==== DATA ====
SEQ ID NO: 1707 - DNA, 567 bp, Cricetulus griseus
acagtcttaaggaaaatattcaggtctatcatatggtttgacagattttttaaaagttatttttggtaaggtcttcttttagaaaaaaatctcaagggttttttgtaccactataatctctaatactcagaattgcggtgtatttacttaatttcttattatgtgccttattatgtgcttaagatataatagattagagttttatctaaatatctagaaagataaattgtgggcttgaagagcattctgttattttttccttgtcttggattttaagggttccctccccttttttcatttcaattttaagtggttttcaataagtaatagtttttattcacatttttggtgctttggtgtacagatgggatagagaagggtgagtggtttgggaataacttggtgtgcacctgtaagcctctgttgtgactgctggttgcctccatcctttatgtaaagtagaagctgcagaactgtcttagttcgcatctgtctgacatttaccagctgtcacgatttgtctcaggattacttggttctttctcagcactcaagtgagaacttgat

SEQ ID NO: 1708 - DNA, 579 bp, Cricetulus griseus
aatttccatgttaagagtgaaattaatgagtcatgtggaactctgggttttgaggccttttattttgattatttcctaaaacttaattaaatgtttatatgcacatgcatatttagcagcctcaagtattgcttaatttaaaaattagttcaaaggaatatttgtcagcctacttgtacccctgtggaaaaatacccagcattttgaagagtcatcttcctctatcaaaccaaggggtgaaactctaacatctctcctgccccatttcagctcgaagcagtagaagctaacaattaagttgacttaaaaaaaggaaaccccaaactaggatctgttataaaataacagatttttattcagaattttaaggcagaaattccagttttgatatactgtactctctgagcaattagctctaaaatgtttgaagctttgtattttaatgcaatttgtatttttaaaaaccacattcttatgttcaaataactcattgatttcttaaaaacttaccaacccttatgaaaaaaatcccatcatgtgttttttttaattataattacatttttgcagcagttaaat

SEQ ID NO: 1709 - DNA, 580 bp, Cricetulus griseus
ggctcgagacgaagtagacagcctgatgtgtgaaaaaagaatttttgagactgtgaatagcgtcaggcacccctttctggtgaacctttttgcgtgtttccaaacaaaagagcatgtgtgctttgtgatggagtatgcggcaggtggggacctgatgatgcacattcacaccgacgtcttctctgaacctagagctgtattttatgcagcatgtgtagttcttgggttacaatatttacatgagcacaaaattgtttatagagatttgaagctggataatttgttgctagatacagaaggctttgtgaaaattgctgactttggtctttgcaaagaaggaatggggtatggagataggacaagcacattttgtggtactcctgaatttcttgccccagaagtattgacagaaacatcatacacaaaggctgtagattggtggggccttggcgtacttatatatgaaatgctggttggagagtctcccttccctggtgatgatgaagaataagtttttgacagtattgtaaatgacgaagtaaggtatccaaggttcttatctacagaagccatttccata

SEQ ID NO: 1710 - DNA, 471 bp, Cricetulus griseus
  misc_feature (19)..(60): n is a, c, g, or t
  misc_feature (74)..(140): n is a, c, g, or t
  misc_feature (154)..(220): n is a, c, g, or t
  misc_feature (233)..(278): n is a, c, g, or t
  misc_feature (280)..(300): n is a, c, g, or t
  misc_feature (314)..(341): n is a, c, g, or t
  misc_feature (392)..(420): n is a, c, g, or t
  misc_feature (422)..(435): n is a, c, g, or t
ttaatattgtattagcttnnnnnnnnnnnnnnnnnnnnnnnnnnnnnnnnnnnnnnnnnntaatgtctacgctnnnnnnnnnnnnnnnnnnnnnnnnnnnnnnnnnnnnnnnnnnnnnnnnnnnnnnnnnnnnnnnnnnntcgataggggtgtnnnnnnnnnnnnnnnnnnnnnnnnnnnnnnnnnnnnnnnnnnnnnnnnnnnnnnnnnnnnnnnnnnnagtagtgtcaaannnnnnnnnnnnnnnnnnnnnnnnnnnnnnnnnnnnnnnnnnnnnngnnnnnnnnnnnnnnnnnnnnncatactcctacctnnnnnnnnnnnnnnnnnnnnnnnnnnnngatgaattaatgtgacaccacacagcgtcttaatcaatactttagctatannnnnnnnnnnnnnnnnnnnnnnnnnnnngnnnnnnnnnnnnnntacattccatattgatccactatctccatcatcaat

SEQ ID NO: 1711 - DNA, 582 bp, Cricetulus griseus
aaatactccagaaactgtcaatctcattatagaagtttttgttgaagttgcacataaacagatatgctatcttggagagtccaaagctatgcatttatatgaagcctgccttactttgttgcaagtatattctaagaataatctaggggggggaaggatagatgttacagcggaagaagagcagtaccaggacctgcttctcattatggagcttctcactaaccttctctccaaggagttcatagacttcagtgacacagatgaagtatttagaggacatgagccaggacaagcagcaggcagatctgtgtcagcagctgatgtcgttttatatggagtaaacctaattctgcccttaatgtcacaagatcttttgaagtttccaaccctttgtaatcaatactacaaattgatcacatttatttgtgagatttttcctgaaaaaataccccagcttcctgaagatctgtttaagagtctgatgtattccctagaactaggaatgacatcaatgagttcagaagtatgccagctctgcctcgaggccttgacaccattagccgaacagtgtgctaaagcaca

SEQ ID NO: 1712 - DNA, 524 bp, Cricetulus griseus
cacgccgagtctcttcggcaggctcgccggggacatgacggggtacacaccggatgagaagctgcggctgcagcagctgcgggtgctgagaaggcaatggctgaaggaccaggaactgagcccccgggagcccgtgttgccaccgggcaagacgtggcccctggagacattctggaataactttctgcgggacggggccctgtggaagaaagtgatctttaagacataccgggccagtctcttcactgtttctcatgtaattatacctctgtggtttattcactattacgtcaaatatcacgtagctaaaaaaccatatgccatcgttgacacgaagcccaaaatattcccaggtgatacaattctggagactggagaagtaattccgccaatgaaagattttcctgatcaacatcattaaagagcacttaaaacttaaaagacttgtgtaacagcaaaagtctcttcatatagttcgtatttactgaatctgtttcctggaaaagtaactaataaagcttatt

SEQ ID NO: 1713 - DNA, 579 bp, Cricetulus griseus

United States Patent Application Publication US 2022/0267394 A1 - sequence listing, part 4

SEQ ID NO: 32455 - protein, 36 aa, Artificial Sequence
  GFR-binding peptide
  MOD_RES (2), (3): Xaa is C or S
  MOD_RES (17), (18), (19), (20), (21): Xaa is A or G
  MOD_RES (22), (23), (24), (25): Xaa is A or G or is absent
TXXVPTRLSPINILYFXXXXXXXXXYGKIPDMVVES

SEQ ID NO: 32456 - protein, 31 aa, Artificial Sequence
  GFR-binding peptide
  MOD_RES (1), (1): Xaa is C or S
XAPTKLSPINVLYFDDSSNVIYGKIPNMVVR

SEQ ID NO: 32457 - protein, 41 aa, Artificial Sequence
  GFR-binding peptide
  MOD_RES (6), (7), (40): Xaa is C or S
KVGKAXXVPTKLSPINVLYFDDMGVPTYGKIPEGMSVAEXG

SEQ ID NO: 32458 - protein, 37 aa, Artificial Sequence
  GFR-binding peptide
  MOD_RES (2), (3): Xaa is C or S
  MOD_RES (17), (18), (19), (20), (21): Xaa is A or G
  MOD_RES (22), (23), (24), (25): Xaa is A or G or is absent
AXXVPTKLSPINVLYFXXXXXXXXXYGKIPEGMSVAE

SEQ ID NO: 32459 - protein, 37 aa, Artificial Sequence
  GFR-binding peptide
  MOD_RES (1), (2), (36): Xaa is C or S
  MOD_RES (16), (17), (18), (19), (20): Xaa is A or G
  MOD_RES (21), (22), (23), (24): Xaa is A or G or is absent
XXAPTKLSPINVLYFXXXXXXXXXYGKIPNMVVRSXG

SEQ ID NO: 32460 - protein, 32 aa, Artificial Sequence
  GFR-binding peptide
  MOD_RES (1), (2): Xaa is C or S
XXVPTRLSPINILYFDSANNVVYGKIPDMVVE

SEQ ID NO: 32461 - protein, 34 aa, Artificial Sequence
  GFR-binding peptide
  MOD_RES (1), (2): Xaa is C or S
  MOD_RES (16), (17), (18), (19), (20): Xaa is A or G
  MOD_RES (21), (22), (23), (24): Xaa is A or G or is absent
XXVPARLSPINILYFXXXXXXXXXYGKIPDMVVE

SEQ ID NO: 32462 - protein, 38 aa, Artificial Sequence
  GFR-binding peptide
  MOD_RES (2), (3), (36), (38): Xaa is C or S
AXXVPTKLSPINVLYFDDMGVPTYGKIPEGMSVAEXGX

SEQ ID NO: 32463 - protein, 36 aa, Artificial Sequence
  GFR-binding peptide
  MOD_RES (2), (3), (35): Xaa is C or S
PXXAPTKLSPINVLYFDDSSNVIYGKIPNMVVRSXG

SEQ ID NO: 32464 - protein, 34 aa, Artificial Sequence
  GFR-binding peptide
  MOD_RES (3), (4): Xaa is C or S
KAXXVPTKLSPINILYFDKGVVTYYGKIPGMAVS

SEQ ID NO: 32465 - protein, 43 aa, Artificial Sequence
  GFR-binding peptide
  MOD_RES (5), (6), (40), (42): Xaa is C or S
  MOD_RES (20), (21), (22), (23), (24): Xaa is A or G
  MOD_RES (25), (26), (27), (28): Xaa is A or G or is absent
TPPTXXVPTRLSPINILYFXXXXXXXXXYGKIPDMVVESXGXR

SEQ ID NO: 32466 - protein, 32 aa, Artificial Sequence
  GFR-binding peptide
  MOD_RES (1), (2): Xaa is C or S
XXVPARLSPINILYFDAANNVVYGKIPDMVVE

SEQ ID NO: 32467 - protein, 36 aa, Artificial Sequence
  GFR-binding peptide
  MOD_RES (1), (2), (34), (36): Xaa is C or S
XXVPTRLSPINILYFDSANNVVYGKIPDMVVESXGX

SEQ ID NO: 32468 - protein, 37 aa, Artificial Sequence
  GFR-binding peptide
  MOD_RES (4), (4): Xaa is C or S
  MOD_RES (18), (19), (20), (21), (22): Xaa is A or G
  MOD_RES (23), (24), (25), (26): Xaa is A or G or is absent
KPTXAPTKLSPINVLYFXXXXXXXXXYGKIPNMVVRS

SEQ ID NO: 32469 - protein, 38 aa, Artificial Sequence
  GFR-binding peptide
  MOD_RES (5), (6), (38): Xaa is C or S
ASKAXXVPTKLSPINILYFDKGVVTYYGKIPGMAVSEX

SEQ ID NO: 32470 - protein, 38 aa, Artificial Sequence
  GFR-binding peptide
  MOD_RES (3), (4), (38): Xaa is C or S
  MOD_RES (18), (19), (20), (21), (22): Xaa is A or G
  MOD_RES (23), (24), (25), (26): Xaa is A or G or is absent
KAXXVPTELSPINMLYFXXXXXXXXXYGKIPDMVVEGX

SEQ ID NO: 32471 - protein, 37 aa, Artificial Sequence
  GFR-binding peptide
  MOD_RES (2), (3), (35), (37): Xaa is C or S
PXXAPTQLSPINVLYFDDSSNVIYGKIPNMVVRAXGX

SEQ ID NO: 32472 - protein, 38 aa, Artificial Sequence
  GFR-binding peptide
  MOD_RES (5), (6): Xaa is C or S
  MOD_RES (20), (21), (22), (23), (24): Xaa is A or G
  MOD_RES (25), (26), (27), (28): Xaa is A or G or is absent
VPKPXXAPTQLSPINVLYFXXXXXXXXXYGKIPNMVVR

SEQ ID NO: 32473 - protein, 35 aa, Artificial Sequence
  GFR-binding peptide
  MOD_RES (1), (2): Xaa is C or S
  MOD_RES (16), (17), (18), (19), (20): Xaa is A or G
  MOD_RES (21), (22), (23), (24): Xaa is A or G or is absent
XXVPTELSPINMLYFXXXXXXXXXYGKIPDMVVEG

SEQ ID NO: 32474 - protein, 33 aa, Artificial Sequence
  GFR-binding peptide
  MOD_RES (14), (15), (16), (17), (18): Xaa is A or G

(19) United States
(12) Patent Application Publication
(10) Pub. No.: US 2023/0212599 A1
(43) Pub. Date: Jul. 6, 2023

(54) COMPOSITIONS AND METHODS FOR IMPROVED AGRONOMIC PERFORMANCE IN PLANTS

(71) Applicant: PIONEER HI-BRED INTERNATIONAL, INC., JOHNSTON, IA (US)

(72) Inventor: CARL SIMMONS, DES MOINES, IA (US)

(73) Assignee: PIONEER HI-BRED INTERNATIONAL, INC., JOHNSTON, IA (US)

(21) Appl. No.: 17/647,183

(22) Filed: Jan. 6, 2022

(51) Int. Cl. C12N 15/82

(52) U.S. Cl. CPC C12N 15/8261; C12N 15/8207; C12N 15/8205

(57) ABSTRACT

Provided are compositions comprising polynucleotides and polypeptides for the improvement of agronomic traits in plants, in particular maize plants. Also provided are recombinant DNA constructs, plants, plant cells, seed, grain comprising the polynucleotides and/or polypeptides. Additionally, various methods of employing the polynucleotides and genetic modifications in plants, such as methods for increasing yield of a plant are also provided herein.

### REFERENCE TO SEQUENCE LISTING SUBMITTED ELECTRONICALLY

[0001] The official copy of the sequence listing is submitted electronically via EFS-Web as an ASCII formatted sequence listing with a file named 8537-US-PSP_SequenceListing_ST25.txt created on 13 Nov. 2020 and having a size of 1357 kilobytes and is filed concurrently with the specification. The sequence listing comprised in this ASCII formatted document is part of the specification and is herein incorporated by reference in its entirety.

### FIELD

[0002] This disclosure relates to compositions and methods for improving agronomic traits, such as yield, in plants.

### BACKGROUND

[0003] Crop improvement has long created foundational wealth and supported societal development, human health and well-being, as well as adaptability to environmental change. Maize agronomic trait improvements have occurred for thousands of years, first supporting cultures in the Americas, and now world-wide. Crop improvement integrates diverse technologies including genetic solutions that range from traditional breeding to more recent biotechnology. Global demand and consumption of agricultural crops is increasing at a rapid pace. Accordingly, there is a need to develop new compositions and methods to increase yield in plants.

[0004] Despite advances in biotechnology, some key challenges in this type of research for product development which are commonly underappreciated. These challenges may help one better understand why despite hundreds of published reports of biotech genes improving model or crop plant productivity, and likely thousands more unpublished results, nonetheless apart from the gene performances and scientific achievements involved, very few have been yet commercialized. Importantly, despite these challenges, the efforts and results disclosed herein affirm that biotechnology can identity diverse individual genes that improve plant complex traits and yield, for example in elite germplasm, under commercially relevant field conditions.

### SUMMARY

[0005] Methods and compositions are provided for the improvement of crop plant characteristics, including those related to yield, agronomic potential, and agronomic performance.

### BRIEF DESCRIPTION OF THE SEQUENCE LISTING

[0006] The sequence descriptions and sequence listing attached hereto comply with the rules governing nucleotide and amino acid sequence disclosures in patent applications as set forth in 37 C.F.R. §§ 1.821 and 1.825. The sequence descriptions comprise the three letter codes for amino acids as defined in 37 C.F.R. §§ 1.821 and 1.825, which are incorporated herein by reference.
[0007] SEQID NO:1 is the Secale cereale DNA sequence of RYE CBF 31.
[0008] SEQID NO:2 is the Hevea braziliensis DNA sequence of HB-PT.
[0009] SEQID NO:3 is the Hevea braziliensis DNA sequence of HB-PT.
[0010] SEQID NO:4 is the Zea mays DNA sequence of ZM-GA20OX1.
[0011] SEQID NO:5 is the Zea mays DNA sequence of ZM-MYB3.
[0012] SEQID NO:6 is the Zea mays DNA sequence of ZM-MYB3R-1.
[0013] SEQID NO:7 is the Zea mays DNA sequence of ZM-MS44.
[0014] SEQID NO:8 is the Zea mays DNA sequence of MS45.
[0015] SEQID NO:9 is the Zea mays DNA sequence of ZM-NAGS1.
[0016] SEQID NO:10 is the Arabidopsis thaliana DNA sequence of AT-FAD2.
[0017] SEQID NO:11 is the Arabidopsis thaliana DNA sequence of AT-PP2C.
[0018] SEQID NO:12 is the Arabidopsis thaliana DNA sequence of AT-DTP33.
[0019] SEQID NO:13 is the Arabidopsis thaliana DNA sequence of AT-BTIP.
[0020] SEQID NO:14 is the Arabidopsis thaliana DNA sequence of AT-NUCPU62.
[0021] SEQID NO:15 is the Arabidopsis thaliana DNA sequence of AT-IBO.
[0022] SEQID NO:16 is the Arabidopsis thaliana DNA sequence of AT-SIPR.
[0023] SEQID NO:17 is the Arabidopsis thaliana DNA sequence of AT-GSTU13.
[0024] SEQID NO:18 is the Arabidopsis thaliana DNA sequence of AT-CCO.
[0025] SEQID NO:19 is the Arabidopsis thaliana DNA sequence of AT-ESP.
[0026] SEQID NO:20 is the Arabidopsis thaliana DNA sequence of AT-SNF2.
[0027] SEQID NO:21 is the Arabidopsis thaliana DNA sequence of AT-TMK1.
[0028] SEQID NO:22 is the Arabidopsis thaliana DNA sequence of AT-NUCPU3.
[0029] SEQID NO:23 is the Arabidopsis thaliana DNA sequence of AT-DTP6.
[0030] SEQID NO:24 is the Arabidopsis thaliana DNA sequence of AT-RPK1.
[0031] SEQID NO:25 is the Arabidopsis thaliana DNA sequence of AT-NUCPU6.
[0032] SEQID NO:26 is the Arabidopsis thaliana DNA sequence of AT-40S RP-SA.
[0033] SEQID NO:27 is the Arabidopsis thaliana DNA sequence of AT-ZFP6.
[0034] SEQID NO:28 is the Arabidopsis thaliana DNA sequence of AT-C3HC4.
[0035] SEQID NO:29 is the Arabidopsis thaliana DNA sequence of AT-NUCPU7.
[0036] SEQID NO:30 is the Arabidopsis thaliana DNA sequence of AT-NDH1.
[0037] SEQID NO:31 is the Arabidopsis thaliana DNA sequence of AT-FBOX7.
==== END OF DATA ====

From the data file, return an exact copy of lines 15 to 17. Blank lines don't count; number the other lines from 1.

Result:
  misc_feature (422)..(435): n is a, c, g, or t
ttaatattgtattagcttnnnnnnnnnnnnnnnnnnnnnnnnnnnnnnnnnnnnnnnnnntaatgtctacgctnnnnnnnnnnnnnnnnnnnnnnnnnnnnnnnnnnnnnnnnnnnnnnnnnnnnnnnnnnnnnnnnnnntcgataggggtgtnnnnnnnnnnnnnnnnnnnnnnnnnnnnnnnnnnnnnnnnnnnnnnnnnnnnnnnnnnnnnnnnnnnagtagtgtcaaannnnnnnnnnnnnnnnnnnnnnnnnnnnnnnnnnnnnnnnnnnnnngnnnnnnnnnnnnnnnnnnnnncatactcctacctnnnnnnnnnnnnnnnnnnnnnnnnnnnngatgaattaatgtgacaccacacagcgtcttaatcaatactttagctatannnnnnnnnnnnnnnnnnnnnnnnnnnnngnnnnnnnnnnnnnntacattccatattgatccactatctccatcatcaat

SEQ ID NO: 1711 - DNA, 582 bp, Cricetulus griseus